By Ed Edelson
MONDAY, Aug. 11 (HealthDay News) -- An experiment that improved the natural cellular garbage-disposal system in mice made old liver cells act young again. And the same rejuvenating effect might be possible one day in the brain and other body parts of humans, researchers report.
"We studied one of the systems that remove damaged proteins," said study leader Dr. Ana Maria Cuervo, an associate professor of developmental and molecular biology at Albert Einstein Medical College in New York City.
This system handles about 30 percent of the cells' damaged proteins, escorting them to inner cell structures called lysosomes, where enzymes break the proteins down. Studies by Cuervo have shown that the disposal system becomes less efficient as cells grow older. They've also pinpointed the reason for the age-related decline -- a loss of receptors on the surface of the lysosomes that causes a buildup of damaged proteins in the cell.
For the study, Cuervo did some genetic engineering, creating mice with an extra gene for the lysosome receptors. The extra gene was added only to liver cells and was turned on only when the mice reached middle age. When the mice were examined at 22 to 26 months of their life -- equivalent to 80 years for a human -- "the liver cells were able to maintain the same level of activity as when they were young," Cuervo said. "They removed all damaged oxidized proteins."
To test whether improved protein clearance in liver cells helped overall liver function, Cuervo injected a muscle relaxant into very old mice who had the added gene. Those mice metabolized the relaxant as quickly as normal young mice.
The experiment was "a proof of principle," Cuervo said, and she is moving on to work with brain cells. She said she's working with an animal model of Parkinson's disease, "and we hopefully can prevent brain deterioration."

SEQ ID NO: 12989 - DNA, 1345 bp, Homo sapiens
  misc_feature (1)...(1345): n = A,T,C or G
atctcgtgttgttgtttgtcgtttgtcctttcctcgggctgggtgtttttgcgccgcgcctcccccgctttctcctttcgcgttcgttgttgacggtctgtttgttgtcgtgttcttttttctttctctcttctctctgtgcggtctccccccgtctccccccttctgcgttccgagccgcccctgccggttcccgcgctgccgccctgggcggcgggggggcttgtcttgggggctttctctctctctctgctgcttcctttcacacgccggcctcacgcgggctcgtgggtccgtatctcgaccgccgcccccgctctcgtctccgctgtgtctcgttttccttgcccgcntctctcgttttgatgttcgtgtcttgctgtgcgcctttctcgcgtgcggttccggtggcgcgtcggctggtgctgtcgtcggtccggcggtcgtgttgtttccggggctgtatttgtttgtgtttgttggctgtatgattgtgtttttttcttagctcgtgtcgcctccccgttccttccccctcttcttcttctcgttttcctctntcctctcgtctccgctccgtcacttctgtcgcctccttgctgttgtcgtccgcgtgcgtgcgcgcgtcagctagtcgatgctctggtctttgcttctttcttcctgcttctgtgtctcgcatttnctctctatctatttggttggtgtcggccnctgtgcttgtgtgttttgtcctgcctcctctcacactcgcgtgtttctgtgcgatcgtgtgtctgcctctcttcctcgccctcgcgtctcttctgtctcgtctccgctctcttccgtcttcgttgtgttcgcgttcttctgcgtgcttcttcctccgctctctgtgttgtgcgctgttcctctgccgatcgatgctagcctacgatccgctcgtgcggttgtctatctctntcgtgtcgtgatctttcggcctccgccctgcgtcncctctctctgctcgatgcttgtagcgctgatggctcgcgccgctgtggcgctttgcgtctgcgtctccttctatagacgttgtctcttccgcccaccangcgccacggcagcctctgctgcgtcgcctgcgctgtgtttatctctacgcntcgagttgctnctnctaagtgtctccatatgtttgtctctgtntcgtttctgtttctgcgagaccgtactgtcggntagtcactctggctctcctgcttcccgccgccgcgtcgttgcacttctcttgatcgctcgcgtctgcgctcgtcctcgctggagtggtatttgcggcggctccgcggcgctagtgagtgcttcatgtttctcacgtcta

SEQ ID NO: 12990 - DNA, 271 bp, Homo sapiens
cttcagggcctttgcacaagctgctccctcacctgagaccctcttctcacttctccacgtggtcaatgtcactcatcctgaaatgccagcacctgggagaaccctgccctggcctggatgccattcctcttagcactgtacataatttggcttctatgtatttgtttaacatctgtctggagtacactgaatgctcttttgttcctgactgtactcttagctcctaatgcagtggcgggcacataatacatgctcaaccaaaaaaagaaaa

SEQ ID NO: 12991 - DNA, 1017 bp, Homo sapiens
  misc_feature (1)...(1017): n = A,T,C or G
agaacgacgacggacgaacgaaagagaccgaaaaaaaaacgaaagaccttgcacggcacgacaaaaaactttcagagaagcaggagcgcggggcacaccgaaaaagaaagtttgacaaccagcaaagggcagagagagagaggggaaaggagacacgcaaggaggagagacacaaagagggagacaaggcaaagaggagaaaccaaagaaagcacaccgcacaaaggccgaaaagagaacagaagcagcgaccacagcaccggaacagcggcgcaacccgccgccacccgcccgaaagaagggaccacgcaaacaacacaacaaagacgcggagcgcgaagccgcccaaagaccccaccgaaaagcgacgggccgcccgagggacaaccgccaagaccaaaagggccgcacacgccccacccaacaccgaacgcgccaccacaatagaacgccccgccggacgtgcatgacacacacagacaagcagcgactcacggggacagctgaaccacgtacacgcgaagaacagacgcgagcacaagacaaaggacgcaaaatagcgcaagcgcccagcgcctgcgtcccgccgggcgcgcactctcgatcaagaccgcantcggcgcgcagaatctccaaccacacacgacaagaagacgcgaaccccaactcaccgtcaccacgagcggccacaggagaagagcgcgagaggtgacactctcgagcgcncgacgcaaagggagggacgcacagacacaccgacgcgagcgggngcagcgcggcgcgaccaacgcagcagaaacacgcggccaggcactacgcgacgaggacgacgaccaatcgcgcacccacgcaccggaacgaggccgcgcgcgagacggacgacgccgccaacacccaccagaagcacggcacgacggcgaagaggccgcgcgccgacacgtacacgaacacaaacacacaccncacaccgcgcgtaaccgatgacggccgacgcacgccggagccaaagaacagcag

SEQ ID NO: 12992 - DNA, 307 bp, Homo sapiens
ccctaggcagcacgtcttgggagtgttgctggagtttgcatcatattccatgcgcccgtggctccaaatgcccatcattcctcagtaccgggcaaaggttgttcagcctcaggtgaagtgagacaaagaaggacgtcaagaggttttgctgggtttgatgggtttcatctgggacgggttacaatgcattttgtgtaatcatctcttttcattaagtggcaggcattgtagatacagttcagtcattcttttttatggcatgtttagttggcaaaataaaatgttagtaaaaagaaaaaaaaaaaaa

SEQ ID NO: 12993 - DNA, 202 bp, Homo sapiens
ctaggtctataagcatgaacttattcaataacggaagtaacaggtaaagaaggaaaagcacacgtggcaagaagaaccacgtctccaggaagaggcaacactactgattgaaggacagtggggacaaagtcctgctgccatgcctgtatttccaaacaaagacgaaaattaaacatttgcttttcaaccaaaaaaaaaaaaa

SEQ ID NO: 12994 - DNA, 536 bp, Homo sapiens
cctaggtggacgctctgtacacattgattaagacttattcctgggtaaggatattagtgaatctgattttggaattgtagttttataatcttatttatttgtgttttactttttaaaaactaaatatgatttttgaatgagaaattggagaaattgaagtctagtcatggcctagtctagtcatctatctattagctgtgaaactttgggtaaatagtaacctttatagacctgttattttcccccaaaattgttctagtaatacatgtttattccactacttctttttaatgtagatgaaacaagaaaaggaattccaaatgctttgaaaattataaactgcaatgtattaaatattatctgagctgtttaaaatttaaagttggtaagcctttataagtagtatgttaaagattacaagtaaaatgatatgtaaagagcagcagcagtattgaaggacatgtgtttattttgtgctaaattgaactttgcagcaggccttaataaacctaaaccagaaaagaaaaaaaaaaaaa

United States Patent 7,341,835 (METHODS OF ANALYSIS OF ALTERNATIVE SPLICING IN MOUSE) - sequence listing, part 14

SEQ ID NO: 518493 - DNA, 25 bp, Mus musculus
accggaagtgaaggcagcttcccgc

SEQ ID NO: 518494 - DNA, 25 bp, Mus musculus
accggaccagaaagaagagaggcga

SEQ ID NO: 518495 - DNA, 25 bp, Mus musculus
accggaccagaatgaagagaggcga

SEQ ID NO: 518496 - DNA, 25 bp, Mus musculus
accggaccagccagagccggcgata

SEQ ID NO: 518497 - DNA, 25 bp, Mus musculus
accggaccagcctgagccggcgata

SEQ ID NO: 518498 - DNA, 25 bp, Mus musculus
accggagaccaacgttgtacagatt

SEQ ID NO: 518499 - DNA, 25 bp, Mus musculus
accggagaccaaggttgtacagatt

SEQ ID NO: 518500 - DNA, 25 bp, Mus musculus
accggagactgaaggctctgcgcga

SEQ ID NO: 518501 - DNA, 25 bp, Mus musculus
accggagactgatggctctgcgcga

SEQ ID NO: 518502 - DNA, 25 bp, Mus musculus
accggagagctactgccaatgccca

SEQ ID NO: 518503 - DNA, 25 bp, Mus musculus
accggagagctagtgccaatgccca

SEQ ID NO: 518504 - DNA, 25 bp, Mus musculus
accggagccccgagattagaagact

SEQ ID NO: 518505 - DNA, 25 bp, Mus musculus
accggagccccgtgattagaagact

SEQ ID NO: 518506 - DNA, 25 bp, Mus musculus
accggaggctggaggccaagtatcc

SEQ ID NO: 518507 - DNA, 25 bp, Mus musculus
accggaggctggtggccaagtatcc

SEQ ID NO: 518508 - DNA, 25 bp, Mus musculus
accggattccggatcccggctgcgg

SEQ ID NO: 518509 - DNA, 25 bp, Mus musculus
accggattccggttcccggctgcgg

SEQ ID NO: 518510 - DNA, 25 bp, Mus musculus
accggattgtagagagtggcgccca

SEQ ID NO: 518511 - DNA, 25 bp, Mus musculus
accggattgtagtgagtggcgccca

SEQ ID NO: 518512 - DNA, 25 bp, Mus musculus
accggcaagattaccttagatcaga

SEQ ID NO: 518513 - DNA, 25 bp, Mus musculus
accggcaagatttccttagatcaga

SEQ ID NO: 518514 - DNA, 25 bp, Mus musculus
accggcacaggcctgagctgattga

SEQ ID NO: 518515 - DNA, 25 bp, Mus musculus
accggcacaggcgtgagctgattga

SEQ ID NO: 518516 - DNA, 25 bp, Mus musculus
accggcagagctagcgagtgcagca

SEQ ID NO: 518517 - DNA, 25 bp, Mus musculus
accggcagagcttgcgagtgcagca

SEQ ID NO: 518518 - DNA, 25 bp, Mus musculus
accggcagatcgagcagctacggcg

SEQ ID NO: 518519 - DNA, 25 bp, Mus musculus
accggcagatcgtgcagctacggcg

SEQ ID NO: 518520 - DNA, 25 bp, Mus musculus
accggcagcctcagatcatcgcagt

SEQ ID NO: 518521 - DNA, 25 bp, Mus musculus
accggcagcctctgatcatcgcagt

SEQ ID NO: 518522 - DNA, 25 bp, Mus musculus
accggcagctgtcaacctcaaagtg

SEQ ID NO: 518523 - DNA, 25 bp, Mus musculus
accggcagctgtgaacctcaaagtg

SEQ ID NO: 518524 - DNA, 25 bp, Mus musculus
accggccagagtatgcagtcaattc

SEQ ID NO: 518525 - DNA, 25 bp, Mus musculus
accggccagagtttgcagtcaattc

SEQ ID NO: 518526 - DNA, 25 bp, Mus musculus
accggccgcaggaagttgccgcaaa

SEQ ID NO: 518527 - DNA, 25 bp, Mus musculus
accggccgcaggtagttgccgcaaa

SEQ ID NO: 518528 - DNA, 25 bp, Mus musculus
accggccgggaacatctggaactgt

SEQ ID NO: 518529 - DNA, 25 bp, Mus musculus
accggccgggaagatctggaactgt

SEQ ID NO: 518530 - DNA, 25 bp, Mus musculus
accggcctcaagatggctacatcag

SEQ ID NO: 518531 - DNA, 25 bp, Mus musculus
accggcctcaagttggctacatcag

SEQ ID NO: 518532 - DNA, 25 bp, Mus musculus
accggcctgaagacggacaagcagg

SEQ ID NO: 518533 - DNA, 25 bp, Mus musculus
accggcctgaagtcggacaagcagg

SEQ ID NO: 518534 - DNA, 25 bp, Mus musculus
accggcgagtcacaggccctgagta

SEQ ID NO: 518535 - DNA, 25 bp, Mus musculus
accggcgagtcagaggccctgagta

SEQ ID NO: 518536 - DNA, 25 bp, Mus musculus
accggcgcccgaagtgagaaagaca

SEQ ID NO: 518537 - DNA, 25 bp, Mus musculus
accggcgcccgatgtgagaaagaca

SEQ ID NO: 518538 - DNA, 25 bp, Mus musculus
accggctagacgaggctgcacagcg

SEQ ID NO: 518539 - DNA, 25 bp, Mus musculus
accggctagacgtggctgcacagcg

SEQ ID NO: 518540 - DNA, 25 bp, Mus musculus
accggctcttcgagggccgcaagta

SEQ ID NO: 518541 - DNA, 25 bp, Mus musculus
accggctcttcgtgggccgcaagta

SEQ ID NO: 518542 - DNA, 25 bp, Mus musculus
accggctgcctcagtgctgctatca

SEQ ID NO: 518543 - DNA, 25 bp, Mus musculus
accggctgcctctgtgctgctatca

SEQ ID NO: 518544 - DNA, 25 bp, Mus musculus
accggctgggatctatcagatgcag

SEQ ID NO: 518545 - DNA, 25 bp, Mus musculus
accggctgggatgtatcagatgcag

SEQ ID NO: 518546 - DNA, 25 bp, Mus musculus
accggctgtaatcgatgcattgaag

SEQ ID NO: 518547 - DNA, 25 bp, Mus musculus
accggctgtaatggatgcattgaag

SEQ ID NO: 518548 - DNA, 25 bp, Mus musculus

Most people who develop Parkinson's disease or Alzheimer's disease are born with a mutation that gives rise to defective proteins late in life, Cuervo said. Improving the cellular protein disposal systems in brain cells might delay the onset of the conditions, she said.
Genentic engineering might not be needed to achieve the anti-aging goal in humans, Cuervo said. "As we understand why this system decreases with aging, we are trying to identify compounds that do the same thing," she said. "Also, we are looking at dietary manipulation. Some modifications in the diet might do the same thing."
The findings were published Aug. 10 in the online issue of the journal Nature Medicine.
Dr. Ronald Klatz, president of the American Academy of Anti-Aging Medicine, called the new study "another piece of evidence supporting the contention that aging is a reversible condition. We can not only slow aging, but also reverse many forms of aging."
Klatz acknowledged a feeling of disappointment that genetic engineering was required to achieve the anti-aging effect in the test animals. But, he added, "From the pure science point of view, it is impressive."
Learn about lysosome function from the U.S. National Library of Medicine.
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